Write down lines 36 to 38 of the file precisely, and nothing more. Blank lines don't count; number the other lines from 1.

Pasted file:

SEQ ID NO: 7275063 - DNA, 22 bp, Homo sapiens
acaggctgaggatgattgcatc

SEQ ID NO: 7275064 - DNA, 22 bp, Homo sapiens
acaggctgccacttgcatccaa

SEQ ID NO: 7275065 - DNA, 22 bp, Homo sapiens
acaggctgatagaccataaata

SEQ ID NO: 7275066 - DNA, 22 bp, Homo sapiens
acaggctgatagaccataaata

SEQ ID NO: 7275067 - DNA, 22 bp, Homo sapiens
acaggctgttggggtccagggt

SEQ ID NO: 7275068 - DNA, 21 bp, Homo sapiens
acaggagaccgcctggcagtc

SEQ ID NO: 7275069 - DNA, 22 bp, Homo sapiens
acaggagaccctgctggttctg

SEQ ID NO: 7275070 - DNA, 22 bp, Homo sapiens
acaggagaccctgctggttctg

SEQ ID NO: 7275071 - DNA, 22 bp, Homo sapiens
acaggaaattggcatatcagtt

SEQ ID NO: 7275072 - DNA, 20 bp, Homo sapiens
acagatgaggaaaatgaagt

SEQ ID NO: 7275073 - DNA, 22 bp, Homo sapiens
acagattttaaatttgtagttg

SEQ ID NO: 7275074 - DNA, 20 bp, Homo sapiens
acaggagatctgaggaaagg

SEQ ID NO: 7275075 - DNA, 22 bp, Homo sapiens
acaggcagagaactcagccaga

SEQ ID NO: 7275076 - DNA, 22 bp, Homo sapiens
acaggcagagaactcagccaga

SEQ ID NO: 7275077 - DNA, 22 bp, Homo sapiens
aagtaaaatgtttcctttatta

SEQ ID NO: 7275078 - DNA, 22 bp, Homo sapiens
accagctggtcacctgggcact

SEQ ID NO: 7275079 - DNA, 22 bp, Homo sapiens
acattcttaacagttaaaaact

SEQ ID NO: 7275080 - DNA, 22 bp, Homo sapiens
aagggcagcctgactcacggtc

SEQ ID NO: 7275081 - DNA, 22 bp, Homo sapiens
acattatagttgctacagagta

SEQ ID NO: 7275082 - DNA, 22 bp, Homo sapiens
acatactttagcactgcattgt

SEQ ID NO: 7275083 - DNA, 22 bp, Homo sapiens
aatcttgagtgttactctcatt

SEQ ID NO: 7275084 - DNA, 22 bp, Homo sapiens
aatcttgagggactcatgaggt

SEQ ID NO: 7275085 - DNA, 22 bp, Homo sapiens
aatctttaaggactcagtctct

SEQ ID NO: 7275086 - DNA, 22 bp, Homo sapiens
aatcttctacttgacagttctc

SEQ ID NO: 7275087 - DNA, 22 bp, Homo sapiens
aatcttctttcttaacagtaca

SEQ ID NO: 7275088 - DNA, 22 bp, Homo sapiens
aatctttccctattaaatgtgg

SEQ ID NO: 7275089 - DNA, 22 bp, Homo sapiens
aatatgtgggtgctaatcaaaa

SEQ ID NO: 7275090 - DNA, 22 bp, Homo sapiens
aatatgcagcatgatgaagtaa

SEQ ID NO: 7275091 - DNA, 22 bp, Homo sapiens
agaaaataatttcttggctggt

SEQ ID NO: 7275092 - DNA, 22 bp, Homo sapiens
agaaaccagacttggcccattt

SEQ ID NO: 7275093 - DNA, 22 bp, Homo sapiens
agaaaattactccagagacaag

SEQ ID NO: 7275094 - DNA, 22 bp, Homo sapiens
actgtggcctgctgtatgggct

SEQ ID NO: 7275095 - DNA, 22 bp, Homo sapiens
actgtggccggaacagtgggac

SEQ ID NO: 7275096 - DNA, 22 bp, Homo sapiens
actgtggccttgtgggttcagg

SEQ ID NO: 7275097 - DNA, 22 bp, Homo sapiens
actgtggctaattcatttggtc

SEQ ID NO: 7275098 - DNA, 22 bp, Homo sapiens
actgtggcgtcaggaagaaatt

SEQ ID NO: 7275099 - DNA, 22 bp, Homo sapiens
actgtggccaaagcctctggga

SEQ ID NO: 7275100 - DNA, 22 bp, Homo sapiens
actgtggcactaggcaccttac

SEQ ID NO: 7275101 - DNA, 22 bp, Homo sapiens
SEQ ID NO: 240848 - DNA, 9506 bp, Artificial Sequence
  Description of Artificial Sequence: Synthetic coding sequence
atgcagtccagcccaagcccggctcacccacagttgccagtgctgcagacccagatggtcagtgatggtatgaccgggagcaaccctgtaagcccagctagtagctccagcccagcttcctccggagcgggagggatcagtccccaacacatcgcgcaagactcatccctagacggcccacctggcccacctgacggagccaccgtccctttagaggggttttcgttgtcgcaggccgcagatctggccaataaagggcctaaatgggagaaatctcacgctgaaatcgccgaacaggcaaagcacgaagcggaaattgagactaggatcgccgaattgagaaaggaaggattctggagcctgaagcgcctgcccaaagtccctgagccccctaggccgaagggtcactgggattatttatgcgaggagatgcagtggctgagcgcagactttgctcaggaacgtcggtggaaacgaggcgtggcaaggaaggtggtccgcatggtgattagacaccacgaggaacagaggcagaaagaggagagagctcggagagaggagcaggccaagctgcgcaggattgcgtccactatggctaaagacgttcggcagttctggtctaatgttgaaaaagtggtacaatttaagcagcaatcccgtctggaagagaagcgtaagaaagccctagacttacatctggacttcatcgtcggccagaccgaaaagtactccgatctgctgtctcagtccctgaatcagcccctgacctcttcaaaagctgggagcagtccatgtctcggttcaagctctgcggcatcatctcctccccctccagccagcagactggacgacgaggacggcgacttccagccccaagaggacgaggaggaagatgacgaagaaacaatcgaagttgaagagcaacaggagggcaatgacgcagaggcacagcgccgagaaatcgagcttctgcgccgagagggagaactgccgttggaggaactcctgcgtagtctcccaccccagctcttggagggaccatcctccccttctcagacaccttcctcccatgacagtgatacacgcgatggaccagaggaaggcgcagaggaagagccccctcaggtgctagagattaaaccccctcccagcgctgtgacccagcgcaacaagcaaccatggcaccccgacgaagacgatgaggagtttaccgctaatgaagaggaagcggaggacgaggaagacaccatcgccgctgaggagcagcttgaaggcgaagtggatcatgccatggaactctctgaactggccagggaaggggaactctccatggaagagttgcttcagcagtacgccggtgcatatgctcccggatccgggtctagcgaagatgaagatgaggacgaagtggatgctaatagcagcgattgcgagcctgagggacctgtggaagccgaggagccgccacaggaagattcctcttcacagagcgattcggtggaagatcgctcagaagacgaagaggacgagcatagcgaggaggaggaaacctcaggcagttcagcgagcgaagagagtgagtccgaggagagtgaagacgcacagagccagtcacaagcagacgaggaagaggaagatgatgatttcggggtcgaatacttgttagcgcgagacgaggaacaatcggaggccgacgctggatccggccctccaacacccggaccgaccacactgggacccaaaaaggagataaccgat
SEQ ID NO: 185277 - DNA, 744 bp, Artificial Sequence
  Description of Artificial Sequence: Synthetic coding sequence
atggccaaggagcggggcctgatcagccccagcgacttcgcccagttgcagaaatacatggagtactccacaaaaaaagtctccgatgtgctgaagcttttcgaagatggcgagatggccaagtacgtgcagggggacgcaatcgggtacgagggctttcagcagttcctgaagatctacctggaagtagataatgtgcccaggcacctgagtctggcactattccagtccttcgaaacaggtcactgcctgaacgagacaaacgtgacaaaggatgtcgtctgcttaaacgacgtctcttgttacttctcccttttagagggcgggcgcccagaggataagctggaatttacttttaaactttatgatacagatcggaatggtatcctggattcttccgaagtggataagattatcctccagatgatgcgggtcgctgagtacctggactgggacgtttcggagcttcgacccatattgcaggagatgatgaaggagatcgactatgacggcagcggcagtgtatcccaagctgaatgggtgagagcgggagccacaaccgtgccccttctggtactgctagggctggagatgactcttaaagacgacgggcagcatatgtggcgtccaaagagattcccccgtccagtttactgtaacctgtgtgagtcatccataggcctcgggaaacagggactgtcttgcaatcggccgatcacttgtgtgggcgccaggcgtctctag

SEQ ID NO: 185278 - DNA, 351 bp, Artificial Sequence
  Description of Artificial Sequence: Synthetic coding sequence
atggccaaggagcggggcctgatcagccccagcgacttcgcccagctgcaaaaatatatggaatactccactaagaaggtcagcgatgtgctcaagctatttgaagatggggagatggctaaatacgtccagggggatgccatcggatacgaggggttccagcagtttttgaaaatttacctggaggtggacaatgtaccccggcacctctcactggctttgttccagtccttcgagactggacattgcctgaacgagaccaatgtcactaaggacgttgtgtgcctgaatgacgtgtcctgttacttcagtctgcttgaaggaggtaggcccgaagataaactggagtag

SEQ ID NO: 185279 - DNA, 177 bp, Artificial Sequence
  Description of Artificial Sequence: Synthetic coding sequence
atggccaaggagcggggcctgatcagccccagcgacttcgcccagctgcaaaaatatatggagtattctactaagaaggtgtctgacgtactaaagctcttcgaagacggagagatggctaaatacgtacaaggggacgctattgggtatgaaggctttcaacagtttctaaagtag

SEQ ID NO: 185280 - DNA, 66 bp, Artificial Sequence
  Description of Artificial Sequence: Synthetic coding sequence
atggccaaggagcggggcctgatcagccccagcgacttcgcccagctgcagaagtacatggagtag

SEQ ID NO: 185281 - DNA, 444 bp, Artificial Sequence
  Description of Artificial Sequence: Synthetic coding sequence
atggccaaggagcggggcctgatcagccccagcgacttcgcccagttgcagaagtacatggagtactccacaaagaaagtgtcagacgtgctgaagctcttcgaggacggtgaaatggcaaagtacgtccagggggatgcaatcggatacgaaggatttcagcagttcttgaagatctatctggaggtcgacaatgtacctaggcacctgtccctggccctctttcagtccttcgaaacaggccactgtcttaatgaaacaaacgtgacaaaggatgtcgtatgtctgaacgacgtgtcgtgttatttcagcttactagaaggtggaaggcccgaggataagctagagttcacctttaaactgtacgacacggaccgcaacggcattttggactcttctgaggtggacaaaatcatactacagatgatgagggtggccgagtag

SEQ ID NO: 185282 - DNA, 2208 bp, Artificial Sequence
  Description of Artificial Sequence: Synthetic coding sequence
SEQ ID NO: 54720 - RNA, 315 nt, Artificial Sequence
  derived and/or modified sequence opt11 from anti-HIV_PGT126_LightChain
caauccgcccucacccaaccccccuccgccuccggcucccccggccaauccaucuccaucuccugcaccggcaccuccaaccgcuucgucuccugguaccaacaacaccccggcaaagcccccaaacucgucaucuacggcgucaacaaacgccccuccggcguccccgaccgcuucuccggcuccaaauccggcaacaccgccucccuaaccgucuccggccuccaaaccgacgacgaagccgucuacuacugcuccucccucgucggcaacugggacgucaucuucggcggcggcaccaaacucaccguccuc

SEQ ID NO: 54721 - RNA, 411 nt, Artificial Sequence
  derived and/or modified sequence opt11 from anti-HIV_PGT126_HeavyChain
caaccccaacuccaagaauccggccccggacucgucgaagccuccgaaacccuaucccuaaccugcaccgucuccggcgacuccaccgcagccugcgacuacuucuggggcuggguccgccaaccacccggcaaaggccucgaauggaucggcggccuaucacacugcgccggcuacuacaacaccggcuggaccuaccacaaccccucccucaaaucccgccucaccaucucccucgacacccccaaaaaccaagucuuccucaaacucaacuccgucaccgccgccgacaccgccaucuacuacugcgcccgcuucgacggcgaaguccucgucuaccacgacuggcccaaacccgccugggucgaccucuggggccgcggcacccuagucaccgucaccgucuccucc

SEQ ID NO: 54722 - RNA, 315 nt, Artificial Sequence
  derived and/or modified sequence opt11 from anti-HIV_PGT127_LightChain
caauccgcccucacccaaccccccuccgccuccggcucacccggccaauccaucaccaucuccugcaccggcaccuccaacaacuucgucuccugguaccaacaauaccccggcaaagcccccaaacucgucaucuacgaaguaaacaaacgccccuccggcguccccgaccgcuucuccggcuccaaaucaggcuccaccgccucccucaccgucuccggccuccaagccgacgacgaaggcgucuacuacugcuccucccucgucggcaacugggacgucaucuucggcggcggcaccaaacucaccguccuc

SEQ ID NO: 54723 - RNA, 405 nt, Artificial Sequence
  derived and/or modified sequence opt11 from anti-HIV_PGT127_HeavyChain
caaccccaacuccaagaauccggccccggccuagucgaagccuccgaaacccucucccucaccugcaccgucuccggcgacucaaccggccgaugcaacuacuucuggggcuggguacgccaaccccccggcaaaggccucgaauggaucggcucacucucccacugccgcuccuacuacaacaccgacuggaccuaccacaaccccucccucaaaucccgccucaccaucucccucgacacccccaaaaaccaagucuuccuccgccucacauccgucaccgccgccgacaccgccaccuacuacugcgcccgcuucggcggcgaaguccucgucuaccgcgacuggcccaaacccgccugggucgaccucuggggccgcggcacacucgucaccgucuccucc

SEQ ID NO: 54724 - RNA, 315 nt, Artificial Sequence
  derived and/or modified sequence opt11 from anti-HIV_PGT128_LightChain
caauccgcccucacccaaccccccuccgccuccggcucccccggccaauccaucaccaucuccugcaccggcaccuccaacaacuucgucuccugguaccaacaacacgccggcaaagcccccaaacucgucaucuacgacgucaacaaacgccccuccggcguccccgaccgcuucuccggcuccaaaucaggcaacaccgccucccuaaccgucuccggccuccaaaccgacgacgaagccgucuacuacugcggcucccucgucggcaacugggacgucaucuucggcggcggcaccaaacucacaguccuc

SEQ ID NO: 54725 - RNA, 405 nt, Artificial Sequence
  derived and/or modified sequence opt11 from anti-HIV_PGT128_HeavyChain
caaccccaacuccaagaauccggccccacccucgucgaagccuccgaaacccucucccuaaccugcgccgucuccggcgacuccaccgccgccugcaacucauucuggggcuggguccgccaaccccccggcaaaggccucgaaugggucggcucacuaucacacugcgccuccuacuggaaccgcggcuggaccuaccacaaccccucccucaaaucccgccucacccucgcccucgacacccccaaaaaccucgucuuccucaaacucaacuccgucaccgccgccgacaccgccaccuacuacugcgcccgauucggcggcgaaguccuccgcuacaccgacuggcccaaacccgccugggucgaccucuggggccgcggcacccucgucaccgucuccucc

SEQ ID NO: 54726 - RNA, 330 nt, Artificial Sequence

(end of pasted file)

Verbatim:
aagggcagcctgactcacggtc

SEQ ID NO: 7275081 - DNA, 22 bp, Homo sapiens
acattatagttgctacagagta